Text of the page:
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Series: The Great Military Campaigns Of History

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Works (6)

TitlesOrder
The 1914 Campaign: August to October, 1914 by Daniel David
Chickamauga Campaign: Great Military Campaigns of History (The Great Military Campaigns of History) by Patrick Abbazia
The Gettysburg Campaign by Albert A. Nofi
Jackson's Valley Campaign by David G. Martin
The Normandy Campaign - June and july, 1944 by STEPHEN A. PATRICK
The Shiloh campaign : March - April 1862 by David G. Martin

Related tags

Recommendations

  1. Stonewall in the Valley: Thomas J. "Stonewall" Jackson's Shenandoah Valley Campaign, Spring 1862 by Robert G. Tanner (1976)
  2. The Vicksburg Campaign by David G. Martin (1990)
  3. The Antietam Campaign by John Cannan (1990)
  4. Shiloh 1862: The Death of Innocence by James R. Arnold (1998)
  5. The Marne, 1914: The Opening of World War I and the Battle That Changed the World by Holger H. Herwig (2009)
  6. The Gettysburg Campaign : A Study in Command by Edwin B. Coddington (1968)
  7. No Better Place to Die: The Battle of Stones River by Peter Cozzens (1990)
  8. Victors in Blue: How Union Generals Fought the Confederates, Battled Each Other, and Won the Civil War (Modern War Studies) by Albert Castel (2011)
  9. Champion Hill: Decisive Battle for Vicksburg by Timothy B. Smith (2004)
  10. Return to Bull Run: The Campaign and Battle of Second Manassas by John J. Hennessy (1993)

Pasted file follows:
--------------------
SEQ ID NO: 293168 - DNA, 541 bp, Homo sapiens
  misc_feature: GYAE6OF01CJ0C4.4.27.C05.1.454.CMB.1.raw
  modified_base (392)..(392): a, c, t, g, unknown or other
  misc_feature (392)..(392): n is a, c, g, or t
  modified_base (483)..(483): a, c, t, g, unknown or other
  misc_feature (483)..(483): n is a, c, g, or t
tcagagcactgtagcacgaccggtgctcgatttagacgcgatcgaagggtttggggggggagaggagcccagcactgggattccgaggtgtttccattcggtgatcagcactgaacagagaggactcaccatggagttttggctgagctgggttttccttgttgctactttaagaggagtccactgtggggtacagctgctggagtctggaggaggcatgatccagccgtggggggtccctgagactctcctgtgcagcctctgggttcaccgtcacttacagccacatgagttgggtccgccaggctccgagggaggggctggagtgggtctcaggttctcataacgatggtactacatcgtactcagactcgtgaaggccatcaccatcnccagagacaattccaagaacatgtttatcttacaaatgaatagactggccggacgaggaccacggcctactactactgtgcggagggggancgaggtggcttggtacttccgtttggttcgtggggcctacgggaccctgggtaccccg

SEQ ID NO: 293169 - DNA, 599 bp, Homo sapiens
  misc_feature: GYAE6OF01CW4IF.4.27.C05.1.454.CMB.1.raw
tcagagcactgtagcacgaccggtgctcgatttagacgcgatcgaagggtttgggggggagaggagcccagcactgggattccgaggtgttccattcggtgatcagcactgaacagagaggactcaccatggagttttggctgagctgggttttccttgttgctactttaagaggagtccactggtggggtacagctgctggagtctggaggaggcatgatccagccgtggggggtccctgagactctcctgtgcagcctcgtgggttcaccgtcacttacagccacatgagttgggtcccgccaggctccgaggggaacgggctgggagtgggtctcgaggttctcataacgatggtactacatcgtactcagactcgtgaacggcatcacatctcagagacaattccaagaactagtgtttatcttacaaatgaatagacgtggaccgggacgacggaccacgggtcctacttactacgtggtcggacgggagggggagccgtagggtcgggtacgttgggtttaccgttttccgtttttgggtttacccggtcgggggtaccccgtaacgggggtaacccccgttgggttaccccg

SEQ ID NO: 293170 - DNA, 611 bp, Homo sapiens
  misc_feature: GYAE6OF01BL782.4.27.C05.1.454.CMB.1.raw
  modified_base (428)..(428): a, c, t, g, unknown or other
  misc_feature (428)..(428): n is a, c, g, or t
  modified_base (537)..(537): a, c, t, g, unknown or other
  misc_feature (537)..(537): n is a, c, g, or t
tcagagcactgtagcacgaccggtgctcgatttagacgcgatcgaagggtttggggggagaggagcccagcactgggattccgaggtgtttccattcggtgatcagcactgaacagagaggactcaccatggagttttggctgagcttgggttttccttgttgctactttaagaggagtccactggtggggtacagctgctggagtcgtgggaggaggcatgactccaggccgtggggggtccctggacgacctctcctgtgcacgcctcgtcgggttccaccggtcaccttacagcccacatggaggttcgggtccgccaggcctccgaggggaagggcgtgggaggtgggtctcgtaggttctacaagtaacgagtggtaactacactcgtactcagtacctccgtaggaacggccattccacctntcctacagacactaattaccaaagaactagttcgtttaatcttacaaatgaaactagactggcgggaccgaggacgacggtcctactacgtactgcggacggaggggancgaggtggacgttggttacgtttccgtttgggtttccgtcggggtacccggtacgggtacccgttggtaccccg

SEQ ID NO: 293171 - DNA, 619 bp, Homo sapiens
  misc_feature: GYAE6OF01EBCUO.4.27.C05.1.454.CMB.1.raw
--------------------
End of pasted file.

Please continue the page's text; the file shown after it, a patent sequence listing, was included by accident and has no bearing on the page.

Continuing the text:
11. Crisis at the Crossroads by Warren W. Hassler (1986)
  12. Mons 1914: The BEF's Tactical Triumph by David Lomas (1997)
  13. Shiloh: Bloody April by Wiley Sword (1974)
  14. Gettysburg--Culp's Hill and Cemetery Hill by Harry W. Pfanz (1993)
  15. Before Antietam: The Battle for South Mountain by John Michael Priest (1992)

Series description

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Series?!

How do series work?

To create a series or add a work to it, go to a "work" page. The "Common Knowledge" section now includes a "Series" field. Enter the name of the series to add the book to it.

Works can belong to more than one series. In some cases, as with Chronicles of Narnia, disagreements about order necessitate the creation of more than one series.

Tip: If the series has an order, add a number or other descriptor in parenthesis after the series title (eg., "Chronicles of Prydain (book 1)"). By default, it sorts by the number, or alphabetically if there is no number. If you want to force a particular order, use the | character to divide the number and the descriptor. So, "(0|prequel)" sorts by 0 under the label "prequel."

What isn't a series?

Series was designed to cover groups of books generally understood as such (see Wikipedia: Book series). Like many concepts in the book world, "series" is a somewhat fluid and contested notion. A good rule of thumb is that series have a conventional name and are intentional creations, on the part of the author or publisher. For now, avoid forcing the issue with mere "lists" of works possessing an arbitrary shared characteristic, such as relating to a particular place. Avoid series that cross authors, unless the authors were or became aware of the series identification (eg., avoid lumping Jane Austen with her continuators).

Also avoid publisher series, unless the publisher has a true monopoly over the "works" in question. So, the Dummies guides are a series of works. But the Loeb Classical Library is a series of editions, not of works.

Helpers

BogAl (6), AnnaClaire (1)
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